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It's hard to argue with the appeal of a classic board game, where everyone is focused on moving their pieces towards common (and often competing!) goals. Family game nights are a great way to spend screen-free time together, and whether you want a classic or something new and exciting, there's bound to be a game that everyone will love. Another bonus? Playing with board games can boost kids' spatial reasoning ability, helping to predict later success in subjects such as math, science, engineering, and technology.
Here, the best family board games to add to your rotation.
Qwirkle wins big points for its mass appeal: there are no stereotypical storylines or character images, and it's a concept that everyone, from energetic first graders to seasoned grandparents, will be able to follow. Similar to dominoes, players are tasked with building rows or columns that are all the same color or shape, no repeats allowed. A "Qwirkle" is achieved by getting six tiles in a row.
Although this game is recommended for kids ages six and up, with a little help and patience, even slightly younger children can join in on the action. Each round takes about 45 minutes, so it also hits that sweet spot for timing—short enough to keep younger children engaged, but long enough to feel like you've spent some quality time with family.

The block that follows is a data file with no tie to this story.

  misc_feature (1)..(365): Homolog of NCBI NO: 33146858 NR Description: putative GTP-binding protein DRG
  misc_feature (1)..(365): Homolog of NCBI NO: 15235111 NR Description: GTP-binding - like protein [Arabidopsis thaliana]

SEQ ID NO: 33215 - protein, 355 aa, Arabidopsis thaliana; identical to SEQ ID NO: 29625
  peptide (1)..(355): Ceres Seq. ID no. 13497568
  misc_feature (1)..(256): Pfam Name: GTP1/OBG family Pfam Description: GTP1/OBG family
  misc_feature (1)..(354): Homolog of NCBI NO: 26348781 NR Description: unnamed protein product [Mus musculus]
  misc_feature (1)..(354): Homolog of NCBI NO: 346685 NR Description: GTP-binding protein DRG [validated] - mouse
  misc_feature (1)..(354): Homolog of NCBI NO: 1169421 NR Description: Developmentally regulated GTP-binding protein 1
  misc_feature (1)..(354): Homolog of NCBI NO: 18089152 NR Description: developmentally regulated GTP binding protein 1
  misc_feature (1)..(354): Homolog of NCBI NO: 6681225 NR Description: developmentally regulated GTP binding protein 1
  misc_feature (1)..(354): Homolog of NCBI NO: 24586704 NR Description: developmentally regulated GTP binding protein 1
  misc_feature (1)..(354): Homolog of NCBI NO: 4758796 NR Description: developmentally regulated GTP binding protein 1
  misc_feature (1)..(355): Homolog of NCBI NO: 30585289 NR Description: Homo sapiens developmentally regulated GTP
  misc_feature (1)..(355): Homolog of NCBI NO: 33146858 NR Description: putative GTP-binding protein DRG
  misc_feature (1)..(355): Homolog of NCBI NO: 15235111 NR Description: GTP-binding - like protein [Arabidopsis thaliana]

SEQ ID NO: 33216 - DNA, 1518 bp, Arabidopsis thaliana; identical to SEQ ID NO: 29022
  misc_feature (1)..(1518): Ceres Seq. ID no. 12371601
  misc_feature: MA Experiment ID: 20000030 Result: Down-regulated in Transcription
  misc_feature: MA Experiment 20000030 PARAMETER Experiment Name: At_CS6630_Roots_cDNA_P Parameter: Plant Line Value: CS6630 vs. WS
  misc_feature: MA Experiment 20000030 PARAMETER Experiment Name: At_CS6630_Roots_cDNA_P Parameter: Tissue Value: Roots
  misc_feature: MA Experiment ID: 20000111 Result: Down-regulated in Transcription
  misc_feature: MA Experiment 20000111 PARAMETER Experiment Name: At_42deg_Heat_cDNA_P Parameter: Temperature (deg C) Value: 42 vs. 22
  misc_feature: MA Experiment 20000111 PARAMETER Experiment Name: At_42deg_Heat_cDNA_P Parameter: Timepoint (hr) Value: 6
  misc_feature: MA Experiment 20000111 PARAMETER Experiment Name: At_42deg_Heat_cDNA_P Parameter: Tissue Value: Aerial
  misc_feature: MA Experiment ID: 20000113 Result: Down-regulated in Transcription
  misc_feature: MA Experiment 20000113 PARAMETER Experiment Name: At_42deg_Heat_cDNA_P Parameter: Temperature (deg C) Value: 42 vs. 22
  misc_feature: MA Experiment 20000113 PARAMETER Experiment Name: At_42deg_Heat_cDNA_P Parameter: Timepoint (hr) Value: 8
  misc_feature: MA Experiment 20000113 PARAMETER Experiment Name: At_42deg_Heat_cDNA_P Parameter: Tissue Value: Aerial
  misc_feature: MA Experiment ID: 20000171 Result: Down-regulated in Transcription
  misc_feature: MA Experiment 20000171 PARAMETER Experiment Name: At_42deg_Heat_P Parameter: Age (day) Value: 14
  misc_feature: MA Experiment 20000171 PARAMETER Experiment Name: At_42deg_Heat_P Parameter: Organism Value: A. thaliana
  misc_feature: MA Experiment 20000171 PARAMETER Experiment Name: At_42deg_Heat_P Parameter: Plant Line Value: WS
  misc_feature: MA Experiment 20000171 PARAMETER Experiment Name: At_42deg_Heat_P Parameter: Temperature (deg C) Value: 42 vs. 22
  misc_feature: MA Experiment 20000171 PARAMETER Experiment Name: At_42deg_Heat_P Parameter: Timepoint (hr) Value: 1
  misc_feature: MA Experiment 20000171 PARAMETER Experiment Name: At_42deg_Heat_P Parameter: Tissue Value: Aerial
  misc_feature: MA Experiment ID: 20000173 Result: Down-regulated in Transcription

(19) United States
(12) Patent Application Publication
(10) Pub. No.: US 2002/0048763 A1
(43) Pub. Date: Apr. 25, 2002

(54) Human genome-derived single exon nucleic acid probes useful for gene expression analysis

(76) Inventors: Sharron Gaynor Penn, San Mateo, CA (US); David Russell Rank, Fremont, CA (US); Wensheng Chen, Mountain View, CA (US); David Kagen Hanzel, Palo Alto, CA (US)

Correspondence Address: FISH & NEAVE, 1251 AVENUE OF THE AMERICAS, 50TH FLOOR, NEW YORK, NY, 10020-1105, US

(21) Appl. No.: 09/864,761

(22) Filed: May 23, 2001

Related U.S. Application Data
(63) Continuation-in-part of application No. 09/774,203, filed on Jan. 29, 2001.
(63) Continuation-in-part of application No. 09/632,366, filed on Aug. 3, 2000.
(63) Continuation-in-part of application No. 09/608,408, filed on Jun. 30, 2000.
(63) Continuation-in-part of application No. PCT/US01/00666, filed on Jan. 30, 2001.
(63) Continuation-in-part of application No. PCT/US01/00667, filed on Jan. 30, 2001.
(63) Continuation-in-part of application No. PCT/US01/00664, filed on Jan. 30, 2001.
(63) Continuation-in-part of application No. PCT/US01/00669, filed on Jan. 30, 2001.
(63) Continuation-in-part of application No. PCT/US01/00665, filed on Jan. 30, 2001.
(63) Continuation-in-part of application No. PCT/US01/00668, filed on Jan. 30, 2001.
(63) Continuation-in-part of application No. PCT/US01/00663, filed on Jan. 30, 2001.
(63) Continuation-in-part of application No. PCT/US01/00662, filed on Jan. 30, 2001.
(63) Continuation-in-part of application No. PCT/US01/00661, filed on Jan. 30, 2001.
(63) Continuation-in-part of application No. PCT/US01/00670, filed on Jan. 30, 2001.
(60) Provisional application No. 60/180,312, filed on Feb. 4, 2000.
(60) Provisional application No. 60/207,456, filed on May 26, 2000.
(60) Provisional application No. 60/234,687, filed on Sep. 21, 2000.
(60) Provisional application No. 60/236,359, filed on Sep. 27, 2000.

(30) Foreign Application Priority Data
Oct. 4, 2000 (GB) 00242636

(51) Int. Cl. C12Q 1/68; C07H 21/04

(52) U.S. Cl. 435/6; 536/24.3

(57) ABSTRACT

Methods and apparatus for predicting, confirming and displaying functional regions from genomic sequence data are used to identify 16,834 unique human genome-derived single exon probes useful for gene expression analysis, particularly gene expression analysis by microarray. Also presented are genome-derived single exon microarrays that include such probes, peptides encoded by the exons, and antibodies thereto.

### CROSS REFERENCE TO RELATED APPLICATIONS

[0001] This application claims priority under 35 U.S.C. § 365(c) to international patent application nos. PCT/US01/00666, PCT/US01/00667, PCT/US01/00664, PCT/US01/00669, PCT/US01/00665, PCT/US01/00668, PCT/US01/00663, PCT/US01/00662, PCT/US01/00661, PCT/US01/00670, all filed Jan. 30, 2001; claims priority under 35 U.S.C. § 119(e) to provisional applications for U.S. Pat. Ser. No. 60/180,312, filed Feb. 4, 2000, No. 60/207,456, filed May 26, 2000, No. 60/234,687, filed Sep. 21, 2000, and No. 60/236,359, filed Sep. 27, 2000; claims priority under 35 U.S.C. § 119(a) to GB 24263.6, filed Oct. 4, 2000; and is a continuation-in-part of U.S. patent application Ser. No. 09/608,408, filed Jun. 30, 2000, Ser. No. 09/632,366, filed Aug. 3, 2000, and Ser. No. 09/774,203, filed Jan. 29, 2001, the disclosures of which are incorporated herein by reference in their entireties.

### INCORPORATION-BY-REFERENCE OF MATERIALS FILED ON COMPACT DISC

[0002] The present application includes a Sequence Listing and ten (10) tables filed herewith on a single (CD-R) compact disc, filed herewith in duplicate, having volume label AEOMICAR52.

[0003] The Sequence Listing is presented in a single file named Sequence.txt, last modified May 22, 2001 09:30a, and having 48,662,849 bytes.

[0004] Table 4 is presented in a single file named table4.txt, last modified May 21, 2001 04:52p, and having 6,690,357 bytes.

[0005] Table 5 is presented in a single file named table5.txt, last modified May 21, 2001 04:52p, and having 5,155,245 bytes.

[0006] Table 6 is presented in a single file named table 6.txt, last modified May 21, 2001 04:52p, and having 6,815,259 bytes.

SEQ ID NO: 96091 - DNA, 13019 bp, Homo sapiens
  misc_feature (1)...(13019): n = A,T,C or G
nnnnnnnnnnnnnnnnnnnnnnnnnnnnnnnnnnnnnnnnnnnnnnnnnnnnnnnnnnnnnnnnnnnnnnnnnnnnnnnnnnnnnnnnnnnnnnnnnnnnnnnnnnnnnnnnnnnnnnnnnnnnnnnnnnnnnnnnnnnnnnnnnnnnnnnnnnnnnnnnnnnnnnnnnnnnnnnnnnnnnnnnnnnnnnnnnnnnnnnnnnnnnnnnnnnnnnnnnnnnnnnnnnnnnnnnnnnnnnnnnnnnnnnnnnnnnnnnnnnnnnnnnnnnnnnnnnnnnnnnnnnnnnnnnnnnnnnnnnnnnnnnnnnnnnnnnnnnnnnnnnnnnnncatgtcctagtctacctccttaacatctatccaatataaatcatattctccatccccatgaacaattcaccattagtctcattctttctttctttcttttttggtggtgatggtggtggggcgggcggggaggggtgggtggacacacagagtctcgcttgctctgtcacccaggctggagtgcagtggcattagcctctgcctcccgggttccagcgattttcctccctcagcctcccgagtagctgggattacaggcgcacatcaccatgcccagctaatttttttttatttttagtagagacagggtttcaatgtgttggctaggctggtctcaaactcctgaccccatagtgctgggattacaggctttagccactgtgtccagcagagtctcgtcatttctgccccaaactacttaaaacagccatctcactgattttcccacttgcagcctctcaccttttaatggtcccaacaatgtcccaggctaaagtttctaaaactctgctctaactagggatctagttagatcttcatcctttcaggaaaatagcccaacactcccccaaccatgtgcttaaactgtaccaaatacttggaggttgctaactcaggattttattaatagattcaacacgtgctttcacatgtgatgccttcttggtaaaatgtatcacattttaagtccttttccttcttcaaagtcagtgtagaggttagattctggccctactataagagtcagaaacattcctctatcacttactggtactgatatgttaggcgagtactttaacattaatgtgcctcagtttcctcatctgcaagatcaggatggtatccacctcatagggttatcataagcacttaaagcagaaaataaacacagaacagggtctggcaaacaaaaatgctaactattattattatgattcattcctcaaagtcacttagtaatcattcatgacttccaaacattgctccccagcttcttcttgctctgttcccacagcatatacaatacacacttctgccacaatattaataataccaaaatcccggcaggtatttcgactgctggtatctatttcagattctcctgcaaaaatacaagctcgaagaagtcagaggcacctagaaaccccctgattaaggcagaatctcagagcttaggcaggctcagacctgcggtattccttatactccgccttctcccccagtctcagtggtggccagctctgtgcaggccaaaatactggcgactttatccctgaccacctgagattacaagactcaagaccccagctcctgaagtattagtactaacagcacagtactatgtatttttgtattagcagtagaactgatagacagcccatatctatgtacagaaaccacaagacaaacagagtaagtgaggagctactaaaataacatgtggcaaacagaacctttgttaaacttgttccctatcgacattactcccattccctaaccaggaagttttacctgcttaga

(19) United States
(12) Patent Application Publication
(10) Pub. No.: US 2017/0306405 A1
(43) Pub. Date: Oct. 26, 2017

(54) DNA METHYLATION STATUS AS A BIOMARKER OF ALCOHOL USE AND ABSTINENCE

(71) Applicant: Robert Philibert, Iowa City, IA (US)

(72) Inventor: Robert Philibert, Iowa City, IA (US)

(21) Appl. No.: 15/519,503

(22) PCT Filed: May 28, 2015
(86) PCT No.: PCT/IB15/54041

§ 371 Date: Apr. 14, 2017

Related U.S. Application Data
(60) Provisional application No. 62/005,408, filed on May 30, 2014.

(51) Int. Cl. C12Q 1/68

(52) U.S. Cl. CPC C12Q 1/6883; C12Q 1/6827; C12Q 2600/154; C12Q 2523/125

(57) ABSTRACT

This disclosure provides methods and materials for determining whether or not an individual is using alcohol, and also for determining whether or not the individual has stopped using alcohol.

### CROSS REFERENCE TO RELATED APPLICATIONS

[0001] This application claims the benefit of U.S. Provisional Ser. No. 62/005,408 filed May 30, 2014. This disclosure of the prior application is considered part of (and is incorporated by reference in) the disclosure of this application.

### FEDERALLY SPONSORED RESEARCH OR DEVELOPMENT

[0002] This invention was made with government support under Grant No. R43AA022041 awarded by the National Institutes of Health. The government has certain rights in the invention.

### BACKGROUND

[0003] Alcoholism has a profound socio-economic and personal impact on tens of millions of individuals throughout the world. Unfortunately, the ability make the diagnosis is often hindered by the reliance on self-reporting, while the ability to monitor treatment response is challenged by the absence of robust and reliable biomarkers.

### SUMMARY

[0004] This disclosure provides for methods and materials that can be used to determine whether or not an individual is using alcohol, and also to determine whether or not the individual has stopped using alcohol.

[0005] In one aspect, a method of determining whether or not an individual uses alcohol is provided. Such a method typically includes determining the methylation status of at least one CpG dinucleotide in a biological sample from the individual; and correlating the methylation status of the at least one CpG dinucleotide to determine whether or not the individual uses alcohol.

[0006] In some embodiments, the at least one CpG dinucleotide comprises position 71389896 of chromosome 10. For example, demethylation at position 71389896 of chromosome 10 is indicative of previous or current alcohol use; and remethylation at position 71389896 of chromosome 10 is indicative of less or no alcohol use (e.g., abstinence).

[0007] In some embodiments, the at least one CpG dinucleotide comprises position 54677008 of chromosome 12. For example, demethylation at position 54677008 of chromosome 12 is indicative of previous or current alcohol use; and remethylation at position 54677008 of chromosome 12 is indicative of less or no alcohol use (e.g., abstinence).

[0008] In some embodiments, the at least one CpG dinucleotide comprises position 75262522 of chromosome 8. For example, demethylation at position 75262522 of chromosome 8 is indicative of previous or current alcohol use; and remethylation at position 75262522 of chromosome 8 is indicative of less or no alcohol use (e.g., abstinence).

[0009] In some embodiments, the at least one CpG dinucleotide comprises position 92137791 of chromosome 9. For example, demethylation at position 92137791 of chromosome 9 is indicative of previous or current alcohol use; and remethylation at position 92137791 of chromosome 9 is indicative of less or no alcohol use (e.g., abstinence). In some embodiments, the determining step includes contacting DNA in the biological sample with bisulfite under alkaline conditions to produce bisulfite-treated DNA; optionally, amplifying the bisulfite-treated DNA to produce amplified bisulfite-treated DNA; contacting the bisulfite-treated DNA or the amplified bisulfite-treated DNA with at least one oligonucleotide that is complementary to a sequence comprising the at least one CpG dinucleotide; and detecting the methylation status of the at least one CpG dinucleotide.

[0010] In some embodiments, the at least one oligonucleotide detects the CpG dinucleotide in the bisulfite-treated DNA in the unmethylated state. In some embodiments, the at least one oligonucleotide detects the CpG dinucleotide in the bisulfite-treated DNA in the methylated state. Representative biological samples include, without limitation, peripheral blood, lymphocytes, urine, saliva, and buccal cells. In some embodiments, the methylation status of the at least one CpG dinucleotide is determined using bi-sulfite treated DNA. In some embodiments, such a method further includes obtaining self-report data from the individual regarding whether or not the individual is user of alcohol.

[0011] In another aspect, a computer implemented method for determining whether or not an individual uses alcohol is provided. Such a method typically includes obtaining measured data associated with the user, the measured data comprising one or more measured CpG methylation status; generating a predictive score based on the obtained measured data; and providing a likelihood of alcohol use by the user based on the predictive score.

As its name suggests, Spontuneous requires players to spontaneously break into song—but don't let that keep you from giving it a try!
Here's how it works: Each player writes a "hit list" of trigger words and, when it's their turn, they announce a word and flip the timer. To win the turn, the other players compete to be the first to sing five words of a song that includes the trigger. The first person to do this gets to advance their game token through the G-clef shaped board, encountering even more challenges along the way.
The game is recommended for kids ages eight and up, and each round takes about 30 minutes. While the set comes with ten game pieces, you can squeeze in more players by creating teams, adding even more energy and hilarity.